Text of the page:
While the pandemic has been busy disrupting our lives, many of us headed outdoors to bike, walk, hike and take in the peace of being in nature.
My 2020 was already going to include hiking along the Bruce Trail, Canada’s oldest and longest marked hiking trail (898 kilometres or about 558 miles). At Christmas, I had given my husband the fat, spiral-bound Bruce Trail Reference Maps and Trail Guide shown here. We finally used it this summer.
While hiking through a section of the Bruce Trail, it struck me – word nerd alert! – that much advice for hikers can be applied to writers:
1. Plan ahead
“Planning is an important part of every hike,” the guide says. It encourages hikers to look at a map, choose a trail and decide where you’ll park. These days, that’s especially important, since COVID-19 precautions limit the number of hikers on the trail and you must reserve a space. You’re also advised to check the weather forecast, bring water and snacks, and wear a hat, sunglasses and appropriate footwear. We saw a number of people who did not get that last message and were trying to clamber over uneven rocks wearing flipflops. Yikes.
Writers: Your writing is all the better if you think about what your readers need and want to know. You don’t necessarily have to create an outline, but it helps to think through and at least mentally map out where your writing is going. What are the main points you want to make? Do you need to suggest places to find more detailed information? Do you need a “call to action” and is it clear?
2. Signal the required effort
The Bruce Trail guidebook and posted signs show the walking trails and note how long or difficult the hike is and how experienced the hiker must be. The guide notes where trails are extremely rugged, even treacherous, with steep hills, tight turns and uneven surfaces, and if there are few places to rest.
Writers: Show that a piece won’t take much effort to read by using white space and frequent breaks (in sentences and paragraphs) where readers can catch their breath. Avoid a wall of text by using headings, subheadings, bulleted lists, pictures or graphics and other different design treatments to give eyes a rest and signal, “Hey, this won’t be difficult.”
3. Show the way
On the Bruce Trail, painted rectangles called “blazes” (shown on the skinny tree in the foreground) guide hikers, showing where to go left, right or straight ahead. When walking, you’ll usually see at least one blaze ahead, giving you confidence that you’re on the right path. If you don’t see one ahead, you’re going off the trail and you should backtrack to the last blaze.
Writers: As with signalling the amount of effort, you can guide readers through your writing with headings, subheadings and the use of white space. Smooth the path to understanding with short, familiar words in short, scannable, easy-to-read sentences. Show that readers are on the right path by using transitional expressions (such as similarly, for example, however, in particular) that make logical connections between sentences, paragraphs and sections of your work.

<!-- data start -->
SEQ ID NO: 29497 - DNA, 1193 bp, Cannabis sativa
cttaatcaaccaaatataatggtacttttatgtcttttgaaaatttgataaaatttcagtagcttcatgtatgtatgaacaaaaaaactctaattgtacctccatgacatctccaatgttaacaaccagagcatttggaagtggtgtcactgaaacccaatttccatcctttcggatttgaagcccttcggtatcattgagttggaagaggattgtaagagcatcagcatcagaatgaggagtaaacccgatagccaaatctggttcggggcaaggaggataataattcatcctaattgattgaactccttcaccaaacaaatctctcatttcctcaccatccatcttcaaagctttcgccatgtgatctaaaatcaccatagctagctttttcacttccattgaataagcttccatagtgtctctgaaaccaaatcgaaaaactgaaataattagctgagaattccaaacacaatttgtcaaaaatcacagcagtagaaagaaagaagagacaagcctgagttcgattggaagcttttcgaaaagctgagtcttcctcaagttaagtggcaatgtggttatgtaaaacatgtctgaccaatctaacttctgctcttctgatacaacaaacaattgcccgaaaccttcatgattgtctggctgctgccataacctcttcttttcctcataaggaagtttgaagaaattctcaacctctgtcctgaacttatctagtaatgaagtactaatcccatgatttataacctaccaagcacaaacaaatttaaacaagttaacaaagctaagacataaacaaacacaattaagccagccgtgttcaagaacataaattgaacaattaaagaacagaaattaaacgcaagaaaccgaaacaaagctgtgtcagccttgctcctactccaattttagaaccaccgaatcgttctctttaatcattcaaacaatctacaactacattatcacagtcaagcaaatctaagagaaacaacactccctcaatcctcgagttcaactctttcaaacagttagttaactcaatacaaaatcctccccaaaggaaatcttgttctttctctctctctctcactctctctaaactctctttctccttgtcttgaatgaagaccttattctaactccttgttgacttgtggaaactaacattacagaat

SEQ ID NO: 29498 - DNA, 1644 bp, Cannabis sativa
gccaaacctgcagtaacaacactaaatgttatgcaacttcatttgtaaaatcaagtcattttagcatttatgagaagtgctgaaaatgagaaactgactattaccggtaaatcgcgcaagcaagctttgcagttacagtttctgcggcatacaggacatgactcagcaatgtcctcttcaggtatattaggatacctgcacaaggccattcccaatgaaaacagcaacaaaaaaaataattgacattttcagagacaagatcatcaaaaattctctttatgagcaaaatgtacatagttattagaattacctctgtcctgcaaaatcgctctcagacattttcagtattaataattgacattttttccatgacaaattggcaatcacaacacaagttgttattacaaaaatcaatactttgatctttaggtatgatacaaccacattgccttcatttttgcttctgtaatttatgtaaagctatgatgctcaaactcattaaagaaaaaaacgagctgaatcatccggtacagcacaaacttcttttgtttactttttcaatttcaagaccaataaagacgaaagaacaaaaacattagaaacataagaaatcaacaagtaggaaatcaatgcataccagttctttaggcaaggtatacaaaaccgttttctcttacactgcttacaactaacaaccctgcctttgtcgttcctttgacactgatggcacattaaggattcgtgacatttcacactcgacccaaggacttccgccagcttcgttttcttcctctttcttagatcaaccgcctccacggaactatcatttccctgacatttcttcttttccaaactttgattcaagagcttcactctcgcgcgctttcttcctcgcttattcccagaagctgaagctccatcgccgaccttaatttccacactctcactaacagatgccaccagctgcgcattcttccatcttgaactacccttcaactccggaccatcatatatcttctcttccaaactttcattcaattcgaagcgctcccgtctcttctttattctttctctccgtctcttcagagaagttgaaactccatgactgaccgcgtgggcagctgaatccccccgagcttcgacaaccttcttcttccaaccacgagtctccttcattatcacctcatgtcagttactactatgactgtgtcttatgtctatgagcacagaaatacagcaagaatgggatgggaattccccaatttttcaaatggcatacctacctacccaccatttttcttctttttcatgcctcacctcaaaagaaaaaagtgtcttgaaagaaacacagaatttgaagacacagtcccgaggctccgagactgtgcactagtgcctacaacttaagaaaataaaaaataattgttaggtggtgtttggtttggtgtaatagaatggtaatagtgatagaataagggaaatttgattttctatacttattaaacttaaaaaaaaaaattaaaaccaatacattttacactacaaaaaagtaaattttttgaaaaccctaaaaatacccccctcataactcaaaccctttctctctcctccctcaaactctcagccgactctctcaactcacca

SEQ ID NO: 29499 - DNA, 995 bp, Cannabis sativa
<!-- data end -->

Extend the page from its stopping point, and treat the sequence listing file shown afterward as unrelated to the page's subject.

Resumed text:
4. Set the pace
For the most part, hiking along the Bruce Trail is, as the guidebook says “neither dangerous nor difficult.” Most of the trail can be enjoyed by “any moderately active, healthy person,” but take your time. It’s not a race. Set a pace that you can keep up for the length of the trail you’ve chosen.
Writers: Set a pace that readers can follow. Use the already mentioned short, easy-to-read sentences. Throw commas into longer sentences to offer places to pause. Match the effort of hiking with what The Canadian Writer’s Handbook calls “the direct and more vigorous active voice.”
5. Build in breathers
The Bruce Trail features deep woods, towering ancient trees and spots that overlook spectacular waterfalls and deep gorges carved over centuries. Build in time to rest and take in the scenery. Practice “forest bathing,” where you take in the sights and smells and sounds of the forest. Listen for the call of birds, the flutter of leaves, the hush of wind. Pause often and look up and around, since as you hike you’ll have to look down to navigate roots, rocks and branches. It helps if you’ve given yourself enough time to cover the trail and aren’t rushing to get back to a parking lot before dark.
Writers: Build in places for readers to stop and rest, especially in a long piece. Make paragraphs short (although usually more than one sentence, please). Help readers visualize your topic through examples and vivid analogies. Use photos, illustrations, charts and graphics to complement, explain or expand on your text.
How about you – what have you newly discovered thanks to the pandemic? Are you a hiker? If you’ve hiked the Bruce Trail, which section did you most enjoy? Please share in the comments.
This post first appeared in the September issue of my newsletter. Wordnerdery is a quick read about words, effective/expressive writing, newsletters and more. Are you a subscriber yet? If yes, thanks for reading! If not, you can sign up right now. In keeping with Canada’s anti-spam laws and just plain good manners, you can easily unsubscribe any time.